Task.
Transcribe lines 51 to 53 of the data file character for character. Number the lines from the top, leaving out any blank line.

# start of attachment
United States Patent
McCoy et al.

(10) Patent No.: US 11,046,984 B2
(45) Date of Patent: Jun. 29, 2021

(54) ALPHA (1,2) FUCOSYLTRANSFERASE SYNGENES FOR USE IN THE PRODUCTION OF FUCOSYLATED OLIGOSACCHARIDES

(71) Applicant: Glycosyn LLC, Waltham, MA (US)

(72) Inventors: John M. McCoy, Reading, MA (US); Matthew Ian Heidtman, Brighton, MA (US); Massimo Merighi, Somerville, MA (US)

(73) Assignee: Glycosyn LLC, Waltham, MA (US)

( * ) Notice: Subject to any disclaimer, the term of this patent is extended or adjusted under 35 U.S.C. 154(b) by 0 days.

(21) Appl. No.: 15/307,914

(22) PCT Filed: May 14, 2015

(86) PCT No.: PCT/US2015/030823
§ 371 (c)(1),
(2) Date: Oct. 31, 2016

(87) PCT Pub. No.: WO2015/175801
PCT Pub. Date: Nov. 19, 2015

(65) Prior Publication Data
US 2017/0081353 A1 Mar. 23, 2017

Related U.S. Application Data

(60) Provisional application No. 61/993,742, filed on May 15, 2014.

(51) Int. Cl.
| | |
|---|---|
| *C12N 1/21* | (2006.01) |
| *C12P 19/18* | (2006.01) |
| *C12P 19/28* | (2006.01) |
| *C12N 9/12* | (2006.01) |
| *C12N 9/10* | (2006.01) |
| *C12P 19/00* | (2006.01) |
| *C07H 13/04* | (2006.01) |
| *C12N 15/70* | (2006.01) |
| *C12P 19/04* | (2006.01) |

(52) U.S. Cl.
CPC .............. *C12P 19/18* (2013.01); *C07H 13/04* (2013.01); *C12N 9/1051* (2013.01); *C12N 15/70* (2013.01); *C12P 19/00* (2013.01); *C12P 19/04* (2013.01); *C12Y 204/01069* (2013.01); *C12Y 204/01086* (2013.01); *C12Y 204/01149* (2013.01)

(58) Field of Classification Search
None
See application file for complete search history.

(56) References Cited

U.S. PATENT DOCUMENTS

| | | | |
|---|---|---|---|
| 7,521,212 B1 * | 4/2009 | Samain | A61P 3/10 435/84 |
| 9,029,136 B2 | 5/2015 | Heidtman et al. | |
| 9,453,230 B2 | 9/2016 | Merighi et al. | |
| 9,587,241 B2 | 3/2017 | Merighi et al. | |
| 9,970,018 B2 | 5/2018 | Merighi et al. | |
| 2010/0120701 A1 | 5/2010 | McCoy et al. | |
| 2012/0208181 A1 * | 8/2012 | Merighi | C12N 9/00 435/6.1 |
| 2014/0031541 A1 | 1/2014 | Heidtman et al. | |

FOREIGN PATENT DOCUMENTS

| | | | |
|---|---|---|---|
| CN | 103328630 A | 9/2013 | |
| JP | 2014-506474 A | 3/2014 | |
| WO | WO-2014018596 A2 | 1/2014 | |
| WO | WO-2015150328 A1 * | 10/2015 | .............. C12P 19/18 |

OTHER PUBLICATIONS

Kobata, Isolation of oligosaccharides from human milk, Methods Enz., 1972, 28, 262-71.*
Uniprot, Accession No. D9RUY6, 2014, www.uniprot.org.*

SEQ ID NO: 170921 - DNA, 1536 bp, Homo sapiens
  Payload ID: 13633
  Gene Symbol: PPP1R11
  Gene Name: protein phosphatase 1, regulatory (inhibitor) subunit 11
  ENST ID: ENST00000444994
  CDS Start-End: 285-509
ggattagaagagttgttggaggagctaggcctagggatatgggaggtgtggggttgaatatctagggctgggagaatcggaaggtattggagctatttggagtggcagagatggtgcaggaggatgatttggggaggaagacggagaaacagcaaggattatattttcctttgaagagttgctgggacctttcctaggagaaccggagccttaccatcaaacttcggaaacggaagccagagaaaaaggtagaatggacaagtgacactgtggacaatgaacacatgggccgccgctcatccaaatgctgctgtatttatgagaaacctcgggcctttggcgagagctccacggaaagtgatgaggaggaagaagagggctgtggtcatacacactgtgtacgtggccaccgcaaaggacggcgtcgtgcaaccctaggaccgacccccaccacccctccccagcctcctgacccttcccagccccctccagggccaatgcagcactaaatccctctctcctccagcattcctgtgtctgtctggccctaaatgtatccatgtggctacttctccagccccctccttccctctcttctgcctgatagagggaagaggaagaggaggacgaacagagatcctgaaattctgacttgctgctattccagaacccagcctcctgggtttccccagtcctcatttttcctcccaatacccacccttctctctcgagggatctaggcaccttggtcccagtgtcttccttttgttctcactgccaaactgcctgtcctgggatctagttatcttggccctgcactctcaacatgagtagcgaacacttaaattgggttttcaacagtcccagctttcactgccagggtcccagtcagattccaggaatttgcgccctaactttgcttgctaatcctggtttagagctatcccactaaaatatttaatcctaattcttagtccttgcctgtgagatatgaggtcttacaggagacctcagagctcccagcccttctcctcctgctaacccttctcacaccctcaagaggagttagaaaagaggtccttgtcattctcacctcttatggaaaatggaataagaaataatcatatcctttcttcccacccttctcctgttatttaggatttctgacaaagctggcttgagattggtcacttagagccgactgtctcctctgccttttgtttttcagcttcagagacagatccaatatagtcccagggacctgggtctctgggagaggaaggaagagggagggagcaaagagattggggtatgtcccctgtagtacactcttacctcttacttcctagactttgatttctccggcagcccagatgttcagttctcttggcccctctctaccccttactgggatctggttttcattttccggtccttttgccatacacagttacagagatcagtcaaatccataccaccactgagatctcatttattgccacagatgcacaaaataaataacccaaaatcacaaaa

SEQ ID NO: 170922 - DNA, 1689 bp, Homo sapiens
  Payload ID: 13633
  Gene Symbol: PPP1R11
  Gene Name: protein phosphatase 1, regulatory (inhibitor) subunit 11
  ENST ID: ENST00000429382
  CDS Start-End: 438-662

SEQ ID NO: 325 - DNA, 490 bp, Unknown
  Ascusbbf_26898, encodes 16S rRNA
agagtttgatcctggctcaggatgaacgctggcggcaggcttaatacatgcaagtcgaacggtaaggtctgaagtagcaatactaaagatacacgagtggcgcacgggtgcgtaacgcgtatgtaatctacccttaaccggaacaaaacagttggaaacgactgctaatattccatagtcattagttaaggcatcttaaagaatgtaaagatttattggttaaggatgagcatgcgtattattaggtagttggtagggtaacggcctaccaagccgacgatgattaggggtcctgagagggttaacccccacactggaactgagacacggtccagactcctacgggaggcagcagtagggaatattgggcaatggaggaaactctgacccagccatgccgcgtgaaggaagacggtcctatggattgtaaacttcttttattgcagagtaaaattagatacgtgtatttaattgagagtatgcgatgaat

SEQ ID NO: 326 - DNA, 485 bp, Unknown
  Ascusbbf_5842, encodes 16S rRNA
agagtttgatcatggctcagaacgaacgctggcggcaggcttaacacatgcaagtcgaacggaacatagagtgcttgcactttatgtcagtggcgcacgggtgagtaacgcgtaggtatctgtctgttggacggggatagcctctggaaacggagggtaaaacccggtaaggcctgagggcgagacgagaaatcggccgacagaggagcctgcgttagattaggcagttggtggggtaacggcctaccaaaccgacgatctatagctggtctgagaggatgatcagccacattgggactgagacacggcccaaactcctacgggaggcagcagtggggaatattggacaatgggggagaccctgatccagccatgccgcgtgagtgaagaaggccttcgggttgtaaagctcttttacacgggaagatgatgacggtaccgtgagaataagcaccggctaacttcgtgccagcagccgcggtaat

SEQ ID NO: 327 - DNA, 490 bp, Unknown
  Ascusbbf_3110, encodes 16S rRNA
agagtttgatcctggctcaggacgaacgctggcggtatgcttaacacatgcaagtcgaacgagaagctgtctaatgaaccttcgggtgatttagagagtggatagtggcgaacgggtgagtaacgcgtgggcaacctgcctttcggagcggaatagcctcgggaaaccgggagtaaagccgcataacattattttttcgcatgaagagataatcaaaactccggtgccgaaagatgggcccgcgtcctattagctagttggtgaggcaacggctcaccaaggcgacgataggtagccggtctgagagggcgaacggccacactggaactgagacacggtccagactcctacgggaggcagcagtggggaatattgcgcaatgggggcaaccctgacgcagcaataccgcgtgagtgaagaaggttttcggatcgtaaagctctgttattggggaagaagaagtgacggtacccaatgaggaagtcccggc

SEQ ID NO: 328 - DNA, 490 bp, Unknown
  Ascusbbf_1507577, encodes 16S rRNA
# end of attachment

| | | | |
|---|---|---|---|
| CN | 103328630 A | 9/2013 | |